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The paper points out the overt racism in Kelsey's report where he describes the wholesale devastation of a once-robust community of people, but shows how Kelsey makes a structured argument placing responsibility for that devastation on the whites. The paper asserts that this may be one of the most revealing texts about racial politics in United States history. The paper discusses Kelsey's description of the colonial-type devastation of a native population, how the government helped institutionalize the racist treatment of the Native Americans, how Native Americans continued to be held in slavery after the slaves were freed and how a dominant group could force a subgroup of people to fit a certain stereotype.
From the Paper:"On March 21, 1906, the C.E. Kelsey, the Special Agent for California Indians, wrote a report to the Commissioner of Indian Affairs, in which he addressed the status of Indians in California. The report was included in the 66th Congress' Indian Tribes of California Hearings. Kelsey had been assigned as the Special Agent for California Indians, and, in that capacity, he performed a census of the Native-Americans that were living in California. The actual census breaks down the material that Kelsey found, going so far as to include individual Native Americans by name and family affiliation. However, the letter goes farther than the census, and includes Kelsey's personal views about California's Native American population. He begins by stating that he has personally visited every Indian settlement between the Oregon line and the Mexican border, and that he believes his research has been exhaustive. Though, he says that because of time constraints, he was not able to make a hut-to-hut canvas, which he thinks would have been appropriate to ensure accuracy."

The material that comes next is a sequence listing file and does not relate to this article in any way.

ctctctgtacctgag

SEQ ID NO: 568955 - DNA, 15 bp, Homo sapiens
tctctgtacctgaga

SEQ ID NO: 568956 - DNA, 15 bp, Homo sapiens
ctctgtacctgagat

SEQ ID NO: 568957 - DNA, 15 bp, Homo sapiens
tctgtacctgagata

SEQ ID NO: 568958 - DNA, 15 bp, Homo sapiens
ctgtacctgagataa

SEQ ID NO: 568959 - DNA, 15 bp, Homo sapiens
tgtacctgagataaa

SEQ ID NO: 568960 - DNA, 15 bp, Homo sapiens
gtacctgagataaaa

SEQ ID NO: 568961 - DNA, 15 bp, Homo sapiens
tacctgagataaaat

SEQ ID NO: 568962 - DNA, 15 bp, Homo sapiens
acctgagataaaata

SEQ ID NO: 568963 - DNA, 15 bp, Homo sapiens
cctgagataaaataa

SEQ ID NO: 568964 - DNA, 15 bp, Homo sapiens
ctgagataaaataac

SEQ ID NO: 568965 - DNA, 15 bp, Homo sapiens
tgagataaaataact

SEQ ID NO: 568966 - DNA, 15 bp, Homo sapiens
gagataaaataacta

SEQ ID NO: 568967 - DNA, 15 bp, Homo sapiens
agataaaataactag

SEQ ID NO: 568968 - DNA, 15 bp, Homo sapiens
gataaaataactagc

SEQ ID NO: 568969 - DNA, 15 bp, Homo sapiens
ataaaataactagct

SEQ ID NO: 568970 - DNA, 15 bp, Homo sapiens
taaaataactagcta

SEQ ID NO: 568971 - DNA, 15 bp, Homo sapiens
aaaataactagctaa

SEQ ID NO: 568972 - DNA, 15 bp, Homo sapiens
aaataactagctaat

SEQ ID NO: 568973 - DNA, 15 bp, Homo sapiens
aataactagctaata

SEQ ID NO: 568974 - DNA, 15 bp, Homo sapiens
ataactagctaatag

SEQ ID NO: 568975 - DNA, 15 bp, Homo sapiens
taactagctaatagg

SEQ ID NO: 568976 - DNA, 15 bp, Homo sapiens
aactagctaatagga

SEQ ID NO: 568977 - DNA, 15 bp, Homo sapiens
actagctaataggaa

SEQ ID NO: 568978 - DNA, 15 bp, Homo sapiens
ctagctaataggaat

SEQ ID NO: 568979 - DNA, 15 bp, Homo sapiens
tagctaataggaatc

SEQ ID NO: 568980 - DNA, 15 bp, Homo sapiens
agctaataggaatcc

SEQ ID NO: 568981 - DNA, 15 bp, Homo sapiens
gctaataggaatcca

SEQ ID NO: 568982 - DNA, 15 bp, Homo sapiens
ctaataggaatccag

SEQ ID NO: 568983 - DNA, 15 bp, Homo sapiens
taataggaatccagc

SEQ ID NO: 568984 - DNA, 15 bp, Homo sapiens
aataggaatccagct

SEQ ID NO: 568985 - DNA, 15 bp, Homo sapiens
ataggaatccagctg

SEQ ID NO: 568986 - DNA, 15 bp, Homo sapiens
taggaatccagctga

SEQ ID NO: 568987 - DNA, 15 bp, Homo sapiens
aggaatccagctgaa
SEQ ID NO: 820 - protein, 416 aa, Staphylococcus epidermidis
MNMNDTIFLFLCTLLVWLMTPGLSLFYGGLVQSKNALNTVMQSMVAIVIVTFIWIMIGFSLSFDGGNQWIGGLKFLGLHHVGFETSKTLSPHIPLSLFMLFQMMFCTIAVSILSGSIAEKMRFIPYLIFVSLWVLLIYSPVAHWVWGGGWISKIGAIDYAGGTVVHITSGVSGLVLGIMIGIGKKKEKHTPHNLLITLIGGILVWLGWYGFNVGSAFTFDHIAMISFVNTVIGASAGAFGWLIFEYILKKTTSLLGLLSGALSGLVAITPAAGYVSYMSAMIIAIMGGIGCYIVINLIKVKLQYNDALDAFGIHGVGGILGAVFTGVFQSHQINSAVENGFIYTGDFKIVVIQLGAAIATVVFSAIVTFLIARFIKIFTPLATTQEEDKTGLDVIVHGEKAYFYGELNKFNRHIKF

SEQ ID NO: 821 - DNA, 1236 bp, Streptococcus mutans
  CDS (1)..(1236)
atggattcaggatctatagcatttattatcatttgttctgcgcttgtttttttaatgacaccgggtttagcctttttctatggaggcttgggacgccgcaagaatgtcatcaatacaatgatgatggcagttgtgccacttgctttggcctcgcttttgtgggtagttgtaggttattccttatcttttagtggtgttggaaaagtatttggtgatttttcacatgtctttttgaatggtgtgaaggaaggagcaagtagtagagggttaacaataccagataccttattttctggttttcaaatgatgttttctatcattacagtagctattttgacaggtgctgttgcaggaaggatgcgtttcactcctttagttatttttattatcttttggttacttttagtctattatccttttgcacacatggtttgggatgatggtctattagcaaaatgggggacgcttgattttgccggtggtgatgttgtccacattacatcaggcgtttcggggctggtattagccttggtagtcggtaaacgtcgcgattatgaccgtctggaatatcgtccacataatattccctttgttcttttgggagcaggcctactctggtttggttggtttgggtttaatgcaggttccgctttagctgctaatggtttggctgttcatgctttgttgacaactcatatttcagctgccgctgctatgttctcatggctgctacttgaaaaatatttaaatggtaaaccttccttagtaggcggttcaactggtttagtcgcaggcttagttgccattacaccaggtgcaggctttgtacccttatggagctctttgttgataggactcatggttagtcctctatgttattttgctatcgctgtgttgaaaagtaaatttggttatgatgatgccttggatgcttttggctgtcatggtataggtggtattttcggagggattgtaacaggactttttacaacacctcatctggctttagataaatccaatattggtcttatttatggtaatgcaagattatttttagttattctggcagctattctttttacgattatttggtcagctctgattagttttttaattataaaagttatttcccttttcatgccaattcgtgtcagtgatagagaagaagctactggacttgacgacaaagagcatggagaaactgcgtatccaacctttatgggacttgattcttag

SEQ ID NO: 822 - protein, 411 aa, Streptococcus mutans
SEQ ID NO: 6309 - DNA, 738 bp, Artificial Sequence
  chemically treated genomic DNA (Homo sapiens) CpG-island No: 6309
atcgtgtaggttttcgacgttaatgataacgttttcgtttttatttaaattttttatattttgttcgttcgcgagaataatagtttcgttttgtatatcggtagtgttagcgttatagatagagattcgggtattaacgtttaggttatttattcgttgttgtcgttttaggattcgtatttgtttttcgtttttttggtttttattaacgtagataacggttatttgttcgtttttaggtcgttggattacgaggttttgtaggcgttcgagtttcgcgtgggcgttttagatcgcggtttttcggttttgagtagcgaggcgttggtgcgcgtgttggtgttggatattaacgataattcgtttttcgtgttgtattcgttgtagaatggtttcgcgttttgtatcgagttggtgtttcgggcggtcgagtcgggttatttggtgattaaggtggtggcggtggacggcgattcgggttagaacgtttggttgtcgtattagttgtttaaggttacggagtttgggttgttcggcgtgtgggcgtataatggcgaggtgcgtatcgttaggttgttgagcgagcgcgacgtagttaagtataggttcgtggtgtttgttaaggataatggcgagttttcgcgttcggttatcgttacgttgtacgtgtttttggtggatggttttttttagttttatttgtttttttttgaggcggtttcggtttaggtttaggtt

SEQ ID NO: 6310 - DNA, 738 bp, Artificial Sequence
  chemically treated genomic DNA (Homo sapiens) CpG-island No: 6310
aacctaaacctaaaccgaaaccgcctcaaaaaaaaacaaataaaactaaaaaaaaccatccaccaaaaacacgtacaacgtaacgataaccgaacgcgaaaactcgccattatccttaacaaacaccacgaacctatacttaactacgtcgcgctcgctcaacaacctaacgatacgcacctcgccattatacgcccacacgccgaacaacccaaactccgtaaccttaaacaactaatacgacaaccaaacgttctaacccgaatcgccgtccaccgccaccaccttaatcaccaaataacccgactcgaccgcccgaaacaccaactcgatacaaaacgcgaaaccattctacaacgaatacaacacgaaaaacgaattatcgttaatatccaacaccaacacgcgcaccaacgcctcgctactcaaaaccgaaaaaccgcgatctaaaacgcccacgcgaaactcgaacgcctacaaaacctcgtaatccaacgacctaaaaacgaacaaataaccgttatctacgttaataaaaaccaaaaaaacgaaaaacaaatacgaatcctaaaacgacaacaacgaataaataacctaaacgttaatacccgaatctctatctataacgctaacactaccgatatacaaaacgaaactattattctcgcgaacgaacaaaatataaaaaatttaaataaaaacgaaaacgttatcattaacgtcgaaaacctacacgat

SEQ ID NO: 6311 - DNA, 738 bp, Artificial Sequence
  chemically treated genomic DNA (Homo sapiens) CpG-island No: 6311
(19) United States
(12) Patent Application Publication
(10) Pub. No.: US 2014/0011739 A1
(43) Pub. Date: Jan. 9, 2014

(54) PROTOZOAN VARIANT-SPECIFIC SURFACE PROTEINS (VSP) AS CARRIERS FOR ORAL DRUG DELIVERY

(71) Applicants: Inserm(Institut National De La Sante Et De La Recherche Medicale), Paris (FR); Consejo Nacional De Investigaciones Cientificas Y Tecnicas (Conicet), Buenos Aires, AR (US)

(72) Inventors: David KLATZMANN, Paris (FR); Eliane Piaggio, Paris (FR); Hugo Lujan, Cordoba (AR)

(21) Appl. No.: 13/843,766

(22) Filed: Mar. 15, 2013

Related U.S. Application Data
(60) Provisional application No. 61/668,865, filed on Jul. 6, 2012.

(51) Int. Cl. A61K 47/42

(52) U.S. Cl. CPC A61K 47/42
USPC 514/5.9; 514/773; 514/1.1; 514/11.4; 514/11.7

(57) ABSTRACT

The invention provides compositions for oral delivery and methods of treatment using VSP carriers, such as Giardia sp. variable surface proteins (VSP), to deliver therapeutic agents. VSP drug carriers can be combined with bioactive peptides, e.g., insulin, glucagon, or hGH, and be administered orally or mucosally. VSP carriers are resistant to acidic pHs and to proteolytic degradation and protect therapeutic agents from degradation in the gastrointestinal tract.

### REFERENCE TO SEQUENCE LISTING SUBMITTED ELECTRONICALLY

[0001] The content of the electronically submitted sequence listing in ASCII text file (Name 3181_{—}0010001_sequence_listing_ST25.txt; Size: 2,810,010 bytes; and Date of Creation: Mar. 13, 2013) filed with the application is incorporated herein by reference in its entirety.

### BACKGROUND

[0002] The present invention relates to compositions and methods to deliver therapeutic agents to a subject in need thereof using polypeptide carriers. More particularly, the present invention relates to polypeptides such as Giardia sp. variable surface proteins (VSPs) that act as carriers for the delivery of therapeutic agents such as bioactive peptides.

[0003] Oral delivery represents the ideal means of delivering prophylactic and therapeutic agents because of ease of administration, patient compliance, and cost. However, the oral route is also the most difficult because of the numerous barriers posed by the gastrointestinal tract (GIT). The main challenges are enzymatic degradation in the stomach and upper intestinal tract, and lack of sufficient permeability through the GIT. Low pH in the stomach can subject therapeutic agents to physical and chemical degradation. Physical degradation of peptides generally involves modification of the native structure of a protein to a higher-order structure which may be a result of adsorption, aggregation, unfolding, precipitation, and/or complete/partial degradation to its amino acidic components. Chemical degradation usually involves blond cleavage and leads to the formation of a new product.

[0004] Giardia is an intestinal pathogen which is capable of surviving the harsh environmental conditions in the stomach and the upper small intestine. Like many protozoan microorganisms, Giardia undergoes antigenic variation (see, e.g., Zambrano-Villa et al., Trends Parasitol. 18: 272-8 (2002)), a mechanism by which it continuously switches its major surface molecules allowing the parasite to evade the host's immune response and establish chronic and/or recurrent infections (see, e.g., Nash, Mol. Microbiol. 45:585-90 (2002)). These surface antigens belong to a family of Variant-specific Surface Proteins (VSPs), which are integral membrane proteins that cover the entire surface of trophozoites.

Sample of Sources Used:
- Kelsey, C.E. Report of the Special Agent for California Indians to the Commissioner of Indian Affairs. Washington: House of Representatives, 1906.
Cite this Book Review:
Kelsey's Letter to Congress (2010, November 28) Retrieved September 21, 2020, from https://www.academon.com/book-review/kelsey-letter-to-congress-145811/
"Kelsey's Letter to Congress" 28 November 2010. Web. 21 September. 2020. <https://www.academon.com/book-review/kelsey-letter-to-congress-145811/>